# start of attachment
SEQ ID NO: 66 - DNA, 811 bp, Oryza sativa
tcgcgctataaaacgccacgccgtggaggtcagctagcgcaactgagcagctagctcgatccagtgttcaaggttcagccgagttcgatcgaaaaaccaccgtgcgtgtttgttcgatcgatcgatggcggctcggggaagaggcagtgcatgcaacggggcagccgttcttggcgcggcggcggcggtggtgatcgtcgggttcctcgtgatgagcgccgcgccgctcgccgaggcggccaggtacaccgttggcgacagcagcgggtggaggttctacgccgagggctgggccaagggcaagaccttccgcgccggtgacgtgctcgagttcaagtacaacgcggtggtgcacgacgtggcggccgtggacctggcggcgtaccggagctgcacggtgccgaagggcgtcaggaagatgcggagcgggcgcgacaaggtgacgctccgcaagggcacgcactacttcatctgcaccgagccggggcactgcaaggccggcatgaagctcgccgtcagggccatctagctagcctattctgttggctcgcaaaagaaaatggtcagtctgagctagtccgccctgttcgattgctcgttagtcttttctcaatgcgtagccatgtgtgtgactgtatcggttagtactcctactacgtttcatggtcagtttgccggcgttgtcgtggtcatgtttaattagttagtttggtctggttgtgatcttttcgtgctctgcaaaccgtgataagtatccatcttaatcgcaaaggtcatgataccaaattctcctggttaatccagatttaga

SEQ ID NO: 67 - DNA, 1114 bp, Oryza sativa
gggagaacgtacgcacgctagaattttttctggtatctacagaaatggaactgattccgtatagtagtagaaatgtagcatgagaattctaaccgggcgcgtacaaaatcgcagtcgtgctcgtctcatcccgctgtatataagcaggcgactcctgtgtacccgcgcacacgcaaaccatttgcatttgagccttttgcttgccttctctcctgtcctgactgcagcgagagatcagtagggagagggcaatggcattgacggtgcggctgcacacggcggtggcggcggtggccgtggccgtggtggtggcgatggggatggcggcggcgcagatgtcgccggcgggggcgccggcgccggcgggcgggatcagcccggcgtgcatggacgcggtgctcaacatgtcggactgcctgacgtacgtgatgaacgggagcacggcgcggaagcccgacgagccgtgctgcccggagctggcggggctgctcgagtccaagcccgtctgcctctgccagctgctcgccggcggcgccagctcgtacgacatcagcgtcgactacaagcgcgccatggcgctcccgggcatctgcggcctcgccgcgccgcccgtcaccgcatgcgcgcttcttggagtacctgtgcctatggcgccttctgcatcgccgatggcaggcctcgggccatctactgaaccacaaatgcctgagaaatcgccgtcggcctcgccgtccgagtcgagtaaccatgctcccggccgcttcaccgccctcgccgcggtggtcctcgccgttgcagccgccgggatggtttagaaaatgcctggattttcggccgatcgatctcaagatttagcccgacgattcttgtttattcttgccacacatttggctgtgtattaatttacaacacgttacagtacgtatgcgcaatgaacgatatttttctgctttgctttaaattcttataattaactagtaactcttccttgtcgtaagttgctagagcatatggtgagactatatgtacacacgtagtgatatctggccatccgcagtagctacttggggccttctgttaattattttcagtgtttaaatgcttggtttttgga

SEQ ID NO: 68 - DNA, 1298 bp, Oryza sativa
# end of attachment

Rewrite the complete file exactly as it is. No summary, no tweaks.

SEQ ID NO: 66 - DNA, 811 bp, Oryza sativa
tcgcgctataaaacgccacgccgtggaggtcagctagcgcaactgagcagctagctcgatccagtgttcaaggttcagccgagttcgatcgaaaaaccaccgtgcgtgtttgttcgatcgatcgatggcggctcggggaagaggcagtgcatgcaacggggcagccgttcttggcgcggcggcggcggtggtgatcgtcgggttcctcgtgatgagcgccgcgccgctcgccgaggcggccaggtacaccgttggcgacagcagcgggtggaggttctacgccgagggctgggccaagggcaagaccttccgcgccggtgacgtgctcgagttcaagtacaacgcggtggtgcacgacgtggcggccgtggacctggcggcgtaccggagctgcacggtgccgaagggcgtcaggaagatgcggagcgggcgcgacaaggtgacgctccgcaagggcacgcactacttcatctgcaccgagccggggcactgcaaggccggcatgaagctcgccgtcagggccatctagctagcctattctgttggctcgcaaaagaaaatggtcagtctgagctagtccgccctgttcgattgctcgttagtcttttctcaatgcgtagccatgtgtgtgactgtatcggttagtactcctactacgtttcatggtcagtttgccggcgttgtcgtggtcatgtttaattagttagtttggtctggttgtgatcttttcgtgctctgcaaaccgtgataagtatccatcttaatcgcaaaggtcatgataccaaattctcctggttaatccagatttaga

SEQ ID NO: 67 - DNA, 1114 bp, Oryza sativa
gggagaacgtacgcacgctagaattttttctggtatctacagaaatggaactgattccgtatagtagtagaaatgtagcatgagaattctaaccgggcgcgtacaaaatcgcagtcgtgctcgtctcatcccgctgtatataagcaggcgactcctgtgtacccgcgcacacgcaaaccatttgcatttgagccttttgcttgccttctctcctgtcctgactgcagcgagagatcagtagggagagggcaatggcattgacggtgcggctgcacacggcggtggcggcggtggccgtggccgtggtggtggcgatggggatggcggcggcgcagatgtcgccggcgggggcgccggcgccggcgggcgggatcagcccggcgtgcatggacgcggtgctcaacatgtcggactgcctgacgtacgtgatgaacgggagcacggcgcggaagcccgacgagccgtgctgcccggagctggcggggctgctcgagtccaagcccgtctgcctctgccagctgctcgccggcggcgccagctcgtacgacatcagcgtcgactacaagcgcgccatggcgctcccgggcatctgcggcctcgccgcgccgcccgtcaccgcatgcgcgcttcttggagtacctgtgcctatggcgccttctgcatcgccgatggcaggcctcgggccatctactgaaccacaaatgcctgagaaatcgccgtcggcctcgccgtccgagtcgagtaaccatgctcccggccgcttcaccgccctcgccgcggtggtcctcgccgttgcagccgccgggatggtttagaaaatgcctggattttcggccgatcgatctcaagatttagcccgacgattcttgtttattcttgccacacatttggctgtgtattaatttacaacacgttacagtacgtatgcgcaatgaacgatatttttctgctttgctttaaattcttataattaactagtaactcttccttgtcgtaagttgctagagcatatggtgagactatatgtacacacgtagtgatatctggccatccgcagtagctacttggggccttctgttaattattttcagtgtttaaatgcttggtttttgga

SEQ ID NO: 68 - DNA, 1298 bp, Oryza sativa